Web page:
Another example of how Bruno was avoiding thinking about what was happening around him was when he said, “I expect we’ll have to wait here till it eases off and then I’ll get to go home” (Boyne, page 212). He was ignoring the reality, the facts, instead he is thinking ahead, about going home. This book has definitely showed me, we need to be more aware of the circumstances we are in. Innocence leads to tragedy. Before I read your book I often thought of the cruelty of the WWII and I could hardly imagined the world with people not protesting
Lord of the Flies by William Golding is a story of civilization that quickly turns into savagery. The defects of human nature are displayed through a storyline of adolescent boys stranded on an island, fighting for their humanity and praying for rescue. This intense story has been adapted into movies over time, and Harry Hook created a version in 1990. Some could argue that this most recent film outshines the book itself, for example it did not spend too much time on considerably boring events and the visually appealing setting and sound added to the viewers understanding. Yet, it is very clear that the novel is greatly inferior.
Later on in the novel, Piggy is one of the very few boys who are not savages. He didn’t become a savage because he didn’t believe in it or feared it like the other boys. His scientific approach was clearly one of the best. Simon has changing opinions on the beast. At first, he thinks that there could be a beast, but because he is shy, doesn’t fully admit that.
Lord of the Flies as an Allegory to the Fall of Man Many times, we see that authors have used allegories in literature, not only because they supply good backbone and structure to create a story upon, but because they help to relay history to a younger generation in a way that is interesting and stimulating. This also serves as a reality check to an older audience that has strayed from the morals and values enshrined in the original story. More than any other, we see that these allegories are slightly abstract retellings of passages taken from the Bible. To be an allegory, however, a novel cannot simply draw a moral from the Bible, or any other work, and embellish upon it, but instead it must match in every symbolic way to the piece which it represents. This is the case in William Golding’s novel, Lord of the Flies in relation to the Fall of Man depicted in Genesis 3:1-24 of the Bible.
Even the one who actually performs the Release does not know the real truth: “One for here, one for Elsewhere,” Lily chanted. “Do you actually take it Elsewhere, Father?” Jonas asked. “No, I just have to make the selection… Then I perform a small Ceremony of Release.” “And somebody else comes to get him? Somebody from Elsewhere?” “That’s right, Jonas-bonus.” (p136-137) In this way, everyone in the Community is shielded away from the real truth. Because fear and pain does not play a role on this utopian society, let alone death, the term “Release” was created to veil the true meaning of death.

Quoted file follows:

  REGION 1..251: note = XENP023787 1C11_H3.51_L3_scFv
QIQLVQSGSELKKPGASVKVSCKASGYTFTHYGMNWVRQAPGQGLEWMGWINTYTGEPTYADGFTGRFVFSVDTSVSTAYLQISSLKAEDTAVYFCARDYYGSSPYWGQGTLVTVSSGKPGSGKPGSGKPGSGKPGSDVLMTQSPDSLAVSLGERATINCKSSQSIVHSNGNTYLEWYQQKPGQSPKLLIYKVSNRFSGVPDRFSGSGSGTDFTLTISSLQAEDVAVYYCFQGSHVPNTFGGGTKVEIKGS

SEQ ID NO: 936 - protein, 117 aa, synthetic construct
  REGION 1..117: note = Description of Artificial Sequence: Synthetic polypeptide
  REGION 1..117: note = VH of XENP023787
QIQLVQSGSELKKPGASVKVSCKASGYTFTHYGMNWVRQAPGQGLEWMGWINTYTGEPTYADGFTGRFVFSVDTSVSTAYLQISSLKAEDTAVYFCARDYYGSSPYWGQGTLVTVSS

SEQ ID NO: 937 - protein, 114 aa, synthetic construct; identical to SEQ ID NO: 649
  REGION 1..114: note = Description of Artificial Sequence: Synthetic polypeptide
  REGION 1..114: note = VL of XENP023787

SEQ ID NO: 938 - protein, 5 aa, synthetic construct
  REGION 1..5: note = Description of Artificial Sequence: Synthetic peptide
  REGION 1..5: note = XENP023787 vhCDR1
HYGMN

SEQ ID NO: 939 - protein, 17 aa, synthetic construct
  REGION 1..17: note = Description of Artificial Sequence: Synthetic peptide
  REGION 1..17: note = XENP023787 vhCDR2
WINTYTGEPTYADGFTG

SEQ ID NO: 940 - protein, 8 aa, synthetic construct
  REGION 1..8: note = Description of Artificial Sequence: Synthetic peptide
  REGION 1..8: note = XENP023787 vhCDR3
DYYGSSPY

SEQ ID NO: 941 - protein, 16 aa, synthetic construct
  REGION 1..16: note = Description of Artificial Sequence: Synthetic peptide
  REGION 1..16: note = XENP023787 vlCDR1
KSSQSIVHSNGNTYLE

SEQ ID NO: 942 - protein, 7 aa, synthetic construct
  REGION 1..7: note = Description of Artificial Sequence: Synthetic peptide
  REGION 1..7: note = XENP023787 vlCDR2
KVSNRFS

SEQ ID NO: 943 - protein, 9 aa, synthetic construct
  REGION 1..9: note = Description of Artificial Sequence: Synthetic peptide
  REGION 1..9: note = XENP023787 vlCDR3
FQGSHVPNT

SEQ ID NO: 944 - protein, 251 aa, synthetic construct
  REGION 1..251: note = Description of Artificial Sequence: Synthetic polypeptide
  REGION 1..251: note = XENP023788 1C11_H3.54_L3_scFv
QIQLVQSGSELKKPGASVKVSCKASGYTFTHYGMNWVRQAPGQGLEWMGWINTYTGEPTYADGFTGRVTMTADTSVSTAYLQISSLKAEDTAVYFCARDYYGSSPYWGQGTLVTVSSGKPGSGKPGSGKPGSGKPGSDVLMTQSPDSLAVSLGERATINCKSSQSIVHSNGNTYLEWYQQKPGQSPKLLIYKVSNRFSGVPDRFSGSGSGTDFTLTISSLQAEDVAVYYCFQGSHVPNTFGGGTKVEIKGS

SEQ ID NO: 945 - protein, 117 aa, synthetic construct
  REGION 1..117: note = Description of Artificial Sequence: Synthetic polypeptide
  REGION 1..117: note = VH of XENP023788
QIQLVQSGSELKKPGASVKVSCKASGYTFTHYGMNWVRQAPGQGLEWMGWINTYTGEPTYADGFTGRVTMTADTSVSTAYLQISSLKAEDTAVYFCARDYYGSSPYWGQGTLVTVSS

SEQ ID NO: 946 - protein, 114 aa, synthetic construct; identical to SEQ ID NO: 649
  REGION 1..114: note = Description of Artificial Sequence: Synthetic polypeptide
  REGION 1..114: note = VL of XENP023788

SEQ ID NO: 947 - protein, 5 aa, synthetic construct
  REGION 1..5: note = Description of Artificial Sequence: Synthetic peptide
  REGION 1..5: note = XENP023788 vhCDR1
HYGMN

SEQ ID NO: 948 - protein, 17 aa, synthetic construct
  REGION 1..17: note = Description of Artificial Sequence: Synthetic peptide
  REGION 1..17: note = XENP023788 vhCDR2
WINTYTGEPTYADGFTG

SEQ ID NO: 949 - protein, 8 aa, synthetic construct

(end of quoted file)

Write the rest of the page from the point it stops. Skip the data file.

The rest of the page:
He reinvents the idea of the child and creates it to be a concept that is essential to harbor throughout one’s journey through adulthood. Everyone possess an inner child. Lewis is able to support that through his older characters in his novels such as Peter, Susan, and the Professor. Peter and Susan for instance are disbelieving of Lucy’s tales of Narnia, claiming that they are lies and hoaxes. Peter and Susan represent the transition from child to adult.
Golding’s book Lord of the Flies is a warped representation of mankind (or should I say kidkind) and Ralph is depicted as the sometimes flawed but never-the-less good hearted leader who brings his group to triumph. Ralph is a boy of twelve years – he is fair, tall, handsome, healthy and vigorous. His look is said to be that of the typical blonde haired blue eyed boy. He is said to no longer display the obvious belly of childhood and what's more he is made to be ‘a boxer’. (Quotes – ‘The boy with fair hair lowered himself down the last few feet of rock’ ‘he was old enough to have lost the prominent belly of childhood’ ‘he might make a boxer’) Prior to arriving on the island, it is known that he was a spoilt young man coming from the family of a privileged naval commander.
Character names are symbolic in relation to the themes loss of identity, power, human nature and isolation. Many characters such as Piggy, Sam and Eric, and the littluns lose their identity in the novel. When piggy first meets Ralph, he is never once asked what his name is. Ralph immediately views himself as the superior one, so he does not feel the need to ask for Piggy's name. Giving up, Piggy tells Ralph, "they used to call me 'Piggy'"(Golding, 9).
First the author shows the theme by integrating character’s actions throughout the story. Before Charlie becomes intelligent he wrote, “I want to be smart.” (Pg. 221) I think this quote confirms the theme because since he wasn’t smart he could have separated himself from smart people. As Charlie was reading a book called Robinson Crusoe he wrote, “I feel sorry because he’s all alone and has no friends.” (Pg. 229) I believe this quote reveals the moral because as he reads this book he find out Crusoe is all alone and isolated and even though Charlie doesn’t realize it yet he himself is isolated and lonely as well.
Bradbury’s diction is very creative. His word choice makes one wonder how he comes up with everything, but it all falls together in an artistic way. The way Bradbury strings sentences together is so unusual. In Fahrenheit 451, Beatty, a fireman, and Guy Montag, the protagonist, are discussing books. On page 62, Beatty says, “Don’t let the torrent of melancholy and drear philosophy drown our world.” Using words such as “drear” and “torrent” makes Bradbury’s diction distinguishable from other authors, while also being captivating.